The current economic turmoil is taking a tremendous toll. Home foreclosures are common, market-rate condominium sales have stalled, owners of over-leveraged developments are defaulting, and unemployment is rising. This panel, hosted by the Center for New York City Affairs, explores the impact of the economic crisis on New York City housing by considering questions like the following: How are neighborhoods faring in the recession?

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Regional Solutions to Segregation and Racial Inequity: Can Metro Areas Overcome Inequality?

Suburban growth and development away from central cities have increased segregation and racial inequalities in the U.S. Using the Twin Cities region as a lens, Orfield shows why policy makers must shift from neighborhood-level responses and develop regional solutions that promote equity and integration for housing, jobs, and schools.

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Maintaining Momentum: Can New York’s Ambitious Development Agenda Survive an Economic Downturn?

The city’s economy is slowing and construction costs remain extraordinarily high, but the Bloomberg administration still has its sights set on far-reaching development projects. Will New York be able to maintain its fast pace of residential and commercial renewal? How are neighborhoods responding to zoning changes intended to spur growth?

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The Long View: How Can New York Preserve Housing Affordability?

New York has long depended on subsidy programs to facilitate affordable housing development. But because most such incentives sunset over time, tens of thousands of units have reverted to market rate over the last decade, and 15,000 more may do so in the near future. What strategies and regulatory structures can be put in place to assure affordability not just for the present, but the future as well?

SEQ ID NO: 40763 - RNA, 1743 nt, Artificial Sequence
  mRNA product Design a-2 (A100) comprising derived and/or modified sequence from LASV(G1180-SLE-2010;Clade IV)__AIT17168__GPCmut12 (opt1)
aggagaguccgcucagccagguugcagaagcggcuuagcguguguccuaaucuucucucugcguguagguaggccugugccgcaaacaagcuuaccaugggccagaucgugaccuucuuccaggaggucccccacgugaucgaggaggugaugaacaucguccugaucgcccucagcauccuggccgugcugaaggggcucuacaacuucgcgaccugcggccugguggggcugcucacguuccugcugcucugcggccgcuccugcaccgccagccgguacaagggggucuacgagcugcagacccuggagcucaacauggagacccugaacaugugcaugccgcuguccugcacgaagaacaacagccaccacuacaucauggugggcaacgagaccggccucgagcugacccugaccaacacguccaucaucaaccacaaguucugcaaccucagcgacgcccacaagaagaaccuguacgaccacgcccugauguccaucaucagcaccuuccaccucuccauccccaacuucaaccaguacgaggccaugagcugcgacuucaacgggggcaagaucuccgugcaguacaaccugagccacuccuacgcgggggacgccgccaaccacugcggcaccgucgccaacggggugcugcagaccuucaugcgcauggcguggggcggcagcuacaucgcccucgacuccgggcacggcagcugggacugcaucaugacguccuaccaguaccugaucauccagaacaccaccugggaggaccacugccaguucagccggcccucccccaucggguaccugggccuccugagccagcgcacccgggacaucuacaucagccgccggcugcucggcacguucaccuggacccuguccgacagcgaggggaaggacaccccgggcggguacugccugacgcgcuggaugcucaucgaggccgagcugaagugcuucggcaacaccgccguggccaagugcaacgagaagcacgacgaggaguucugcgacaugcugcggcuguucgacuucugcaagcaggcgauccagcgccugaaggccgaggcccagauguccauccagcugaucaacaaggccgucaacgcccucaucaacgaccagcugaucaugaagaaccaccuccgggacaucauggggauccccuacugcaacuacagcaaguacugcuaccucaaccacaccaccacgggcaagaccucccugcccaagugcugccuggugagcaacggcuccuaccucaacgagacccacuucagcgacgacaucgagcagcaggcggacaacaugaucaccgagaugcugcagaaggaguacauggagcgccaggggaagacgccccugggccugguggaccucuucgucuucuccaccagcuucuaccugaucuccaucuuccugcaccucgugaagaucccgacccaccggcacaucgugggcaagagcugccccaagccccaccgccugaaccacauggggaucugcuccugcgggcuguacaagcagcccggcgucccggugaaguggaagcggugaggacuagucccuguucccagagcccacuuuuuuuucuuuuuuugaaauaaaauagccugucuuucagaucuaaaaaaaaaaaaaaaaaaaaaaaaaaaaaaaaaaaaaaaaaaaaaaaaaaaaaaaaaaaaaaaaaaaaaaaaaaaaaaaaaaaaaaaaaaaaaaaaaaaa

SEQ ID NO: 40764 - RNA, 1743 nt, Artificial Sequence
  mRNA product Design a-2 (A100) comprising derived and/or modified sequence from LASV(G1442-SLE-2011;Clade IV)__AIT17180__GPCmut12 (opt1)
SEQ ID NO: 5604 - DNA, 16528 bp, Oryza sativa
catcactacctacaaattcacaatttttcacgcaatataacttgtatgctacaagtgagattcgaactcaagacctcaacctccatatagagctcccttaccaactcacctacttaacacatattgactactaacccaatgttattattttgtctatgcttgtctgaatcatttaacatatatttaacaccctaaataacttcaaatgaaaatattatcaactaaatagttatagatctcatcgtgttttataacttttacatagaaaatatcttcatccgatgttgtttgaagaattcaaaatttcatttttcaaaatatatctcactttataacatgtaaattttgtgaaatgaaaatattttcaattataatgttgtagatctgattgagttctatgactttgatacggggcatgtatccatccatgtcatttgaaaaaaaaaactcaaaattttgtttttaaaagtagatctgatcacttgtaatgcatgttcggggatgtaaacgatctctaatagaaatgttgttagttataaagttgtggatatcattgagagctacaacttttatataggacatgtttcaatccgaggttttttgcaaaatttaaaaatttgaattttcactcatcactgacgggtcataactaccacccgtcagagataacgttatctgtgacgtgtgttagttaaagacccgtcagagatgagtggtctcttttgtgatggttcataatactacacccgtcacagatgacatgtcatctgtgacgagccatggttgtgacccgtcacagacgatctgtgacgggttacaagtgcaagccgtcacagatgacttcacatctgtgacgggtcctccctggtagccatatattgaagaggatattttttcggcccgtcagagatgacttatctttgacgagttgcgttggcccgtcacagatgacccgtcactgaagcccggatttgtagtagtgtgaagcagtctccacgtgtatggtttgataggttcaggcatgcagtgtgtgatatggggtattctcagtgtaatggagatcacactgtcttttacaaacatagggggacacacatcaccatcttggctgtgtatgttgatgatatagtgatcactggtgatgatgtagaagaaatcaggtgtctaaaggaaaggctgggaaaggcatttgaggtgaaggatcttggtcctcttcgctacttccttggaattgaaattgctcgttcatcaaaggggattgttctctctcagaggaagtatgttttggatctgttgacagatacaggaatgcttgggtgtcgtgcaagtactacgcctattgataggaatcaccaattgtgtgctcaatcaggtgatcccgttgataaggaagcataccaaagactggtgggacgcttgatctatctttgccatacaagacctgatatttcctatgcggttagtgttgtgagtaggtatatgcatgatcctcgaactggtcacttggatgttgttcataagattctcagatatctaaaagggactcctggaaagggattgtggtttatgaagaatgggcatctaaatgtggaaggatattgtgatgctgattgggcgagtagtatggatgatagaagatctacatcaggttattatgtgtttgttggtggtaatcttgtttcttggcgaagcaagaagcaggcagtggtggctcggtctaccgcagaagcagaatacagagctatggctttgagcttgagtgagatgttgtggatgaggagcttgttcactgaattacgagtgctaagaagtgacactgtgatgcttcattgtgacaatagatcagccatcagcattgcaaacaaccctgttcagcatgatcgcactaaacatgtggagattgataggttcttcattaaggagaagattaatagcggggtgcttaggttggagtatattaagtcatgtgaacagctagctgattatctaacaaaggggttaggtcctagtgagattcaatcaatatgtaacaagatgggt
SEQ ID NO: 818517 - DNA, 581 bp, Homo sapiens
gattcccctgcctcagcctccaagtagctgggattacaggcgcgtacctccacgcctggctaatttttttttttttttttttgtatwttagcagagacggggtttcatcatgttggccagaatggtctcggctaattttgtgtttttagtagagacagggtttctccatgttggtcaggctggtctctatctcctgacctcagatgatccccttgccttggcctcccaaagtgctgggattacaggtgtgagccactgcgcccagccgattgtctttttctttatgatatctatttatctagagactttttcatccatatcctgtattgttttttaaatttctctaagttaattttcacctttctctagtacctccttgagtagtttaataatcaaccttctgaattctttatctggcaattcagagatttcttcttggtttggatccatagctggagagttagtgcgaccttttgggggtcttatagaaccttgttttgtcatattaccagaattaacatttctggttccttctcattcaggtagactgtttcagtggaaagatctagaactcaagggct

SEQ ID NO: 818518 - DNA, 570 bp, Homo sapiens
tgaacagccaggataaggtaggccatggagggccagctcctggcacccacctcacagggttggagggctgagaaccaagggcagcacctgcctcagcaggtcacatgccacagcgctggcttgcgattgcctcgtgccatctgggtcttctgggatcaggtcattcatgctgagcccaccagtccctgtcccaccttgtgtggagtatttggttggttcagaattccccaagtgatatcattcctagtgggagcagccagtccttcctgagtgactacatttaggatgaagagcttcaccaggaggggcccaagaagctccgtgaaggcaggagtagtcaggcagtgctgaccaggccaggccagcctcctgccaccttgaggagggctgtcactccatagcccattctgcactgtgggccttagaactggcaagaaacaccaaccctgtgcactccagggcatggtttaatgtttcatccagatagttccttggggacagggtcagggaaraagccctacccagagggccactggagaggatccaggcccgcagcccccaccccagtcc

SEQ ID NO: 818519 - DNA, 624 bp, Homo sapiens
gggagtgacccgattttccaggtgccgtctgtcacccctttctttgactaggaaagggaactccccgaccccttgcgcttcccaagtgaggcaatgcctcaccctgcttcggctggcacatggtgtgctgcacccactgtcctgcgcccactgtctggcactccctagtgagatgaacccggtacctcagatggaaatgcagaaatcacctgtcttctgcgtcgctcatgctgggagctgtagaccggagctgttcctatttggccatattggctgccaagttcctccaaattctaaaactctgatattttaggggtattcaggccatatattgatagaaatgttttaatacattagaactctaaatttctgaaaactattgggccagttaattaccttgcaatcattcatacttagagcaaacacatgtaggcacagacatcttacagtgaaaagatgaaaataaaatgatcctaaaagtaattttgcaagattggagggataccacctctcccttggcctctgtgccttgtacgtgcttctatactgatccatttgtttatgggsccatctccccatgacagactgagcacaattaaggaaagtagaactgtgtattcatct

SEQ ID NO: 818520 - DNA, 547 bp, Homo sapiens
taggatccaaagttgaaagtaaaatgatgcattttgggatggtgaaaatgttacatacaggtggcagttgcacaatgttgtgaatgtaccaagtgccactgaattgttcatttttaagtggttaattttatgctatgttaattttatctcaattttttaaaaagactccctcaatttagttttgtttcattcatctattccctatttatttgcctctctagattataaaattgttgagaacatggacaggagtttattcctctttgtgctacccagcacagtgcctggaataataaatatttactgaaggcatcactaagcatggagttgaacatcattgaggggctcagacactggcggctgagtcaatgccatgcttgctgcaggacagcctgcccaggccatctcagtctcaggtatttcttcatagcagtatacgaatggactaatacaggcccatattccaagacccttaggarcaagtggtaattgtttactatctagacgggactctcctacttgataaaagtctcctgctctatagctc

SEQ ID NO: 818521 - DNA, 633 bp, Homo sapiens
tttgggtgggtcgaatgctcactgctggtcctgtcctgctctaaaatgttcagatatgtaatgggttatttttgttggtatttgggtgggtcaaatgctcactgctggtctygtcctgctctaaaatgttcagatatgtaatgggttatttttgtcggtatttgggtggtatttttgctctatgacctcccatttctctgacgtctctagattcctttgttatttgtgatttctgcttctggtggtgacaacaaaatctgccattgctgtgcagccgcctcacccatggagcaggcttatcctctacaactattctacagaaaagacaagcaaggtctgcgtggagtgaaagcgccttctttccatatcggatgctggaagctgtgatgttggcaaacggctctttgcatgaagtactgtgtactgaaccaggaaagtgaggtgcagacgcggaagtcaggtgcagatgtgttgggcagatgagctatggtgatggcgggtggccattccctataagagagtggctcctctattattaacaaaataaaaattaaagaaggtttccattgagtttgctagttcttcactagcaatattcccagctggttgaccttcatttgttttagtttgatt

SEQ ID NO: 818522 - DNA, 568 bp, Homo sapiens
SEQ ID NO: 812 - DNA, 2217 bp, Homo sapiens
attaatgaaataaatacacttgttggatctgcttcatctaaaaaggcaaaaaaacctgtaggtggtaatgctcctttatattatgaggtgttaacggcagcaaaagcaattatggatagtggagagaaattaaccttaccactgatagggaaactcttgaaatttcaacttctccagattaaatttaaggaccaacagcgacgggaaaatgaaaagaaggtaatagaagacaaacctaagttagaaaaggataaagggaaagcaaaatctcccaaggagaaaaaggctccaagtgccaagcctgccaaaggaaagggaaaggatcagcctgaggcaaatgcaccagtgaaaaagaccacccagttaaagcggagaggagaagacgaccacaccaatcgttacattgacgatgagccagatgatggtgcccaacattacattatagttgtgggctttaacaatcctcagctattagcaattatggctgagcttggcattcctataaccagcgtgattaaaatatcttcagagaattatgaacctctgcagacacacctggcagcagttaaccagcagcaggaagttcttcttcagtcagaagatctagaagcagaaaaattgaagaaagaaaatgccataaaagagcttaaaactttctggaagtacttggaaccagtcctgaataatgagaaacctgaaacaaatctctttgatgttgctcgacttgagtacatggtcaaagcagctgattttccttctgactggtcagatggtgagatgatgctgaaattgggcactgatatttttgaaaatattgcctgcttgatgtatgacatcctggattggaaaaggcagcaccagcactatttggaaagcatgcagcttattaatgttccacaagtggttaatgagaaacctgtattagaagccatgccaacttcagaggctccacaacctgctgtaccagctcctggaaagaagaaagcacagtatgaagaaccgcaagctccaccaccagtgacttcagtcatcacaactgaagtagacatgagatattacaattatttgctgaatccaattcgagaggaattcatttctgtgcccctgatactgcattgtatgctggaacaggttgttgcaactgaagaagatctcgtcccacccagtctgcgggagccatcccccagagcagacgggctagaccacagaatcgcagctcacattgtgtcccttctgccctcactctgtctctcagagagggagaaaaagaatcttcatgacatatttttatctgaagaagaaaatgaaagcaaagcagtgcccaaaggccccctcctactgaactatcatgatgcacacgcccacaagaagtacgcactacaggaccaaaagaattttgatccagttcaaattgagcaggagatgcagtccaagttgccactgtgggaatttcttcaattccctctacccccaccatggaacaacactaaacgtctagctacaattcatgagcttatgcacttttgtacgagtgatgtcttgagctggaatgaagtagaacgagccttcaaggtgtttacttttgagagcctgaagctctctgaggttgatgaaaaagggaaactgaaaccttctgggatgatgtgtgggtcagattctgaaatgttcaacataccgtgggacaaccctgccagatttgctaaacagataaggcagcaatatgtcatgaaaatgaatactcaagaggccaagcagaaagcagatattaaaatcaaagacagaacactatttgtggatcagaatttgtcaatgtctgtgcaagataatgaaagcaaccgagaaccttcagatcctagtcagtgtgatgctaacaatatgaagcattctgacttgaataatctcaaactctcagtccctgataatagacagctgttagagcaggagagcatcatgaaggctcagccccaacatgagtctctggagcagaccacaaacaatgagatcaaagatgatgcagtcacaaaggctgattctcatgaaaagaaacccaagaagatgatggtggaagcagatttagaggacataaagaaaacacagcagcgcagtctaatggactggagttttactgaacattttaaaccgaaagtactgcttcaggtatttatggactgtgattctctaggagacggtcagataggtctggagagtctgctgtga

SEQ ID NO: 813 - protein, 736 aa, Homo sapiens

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A Roof Over Our Heads: How Will New York Save Its Public Housing?

The New York City Housing Authority is in dire financial straits. Although the state recently increased its rent subsidy, it will barely make a dent in the $225 million annual shortfall and renewed federal investment is nowhere on the horizon. A roundtable discussion with key stakeholders to determine what can be done to rescue public housing—the city’s primary source of affordable housing, and home to more than 400,000 New Yorkers.

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Same News Different Views, Bridging the Gap Between Ethnic and Mainstream Media

The federal immigration policy debate may soon reach its climactic moment, changing the lives of hundreds of thousands of New Yorkers. Meanwhile, our city’s immigrant communities face unique—and not so unique—local challenges related to schools, poverty, housing and more. If you read or listen to the mainstream English-language press, what are you missing?

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Governing Change: Policy, Politics and the Spitzer Administration

The office of the governor is about to change hands for the first time in 12 years, likely representing a seismic shift—not just in ideology, but in management approaches, leadership styles and appointments. An in-depth discussion of the challenges facing New York in the areas of health care, affordable housing, public education and government reform.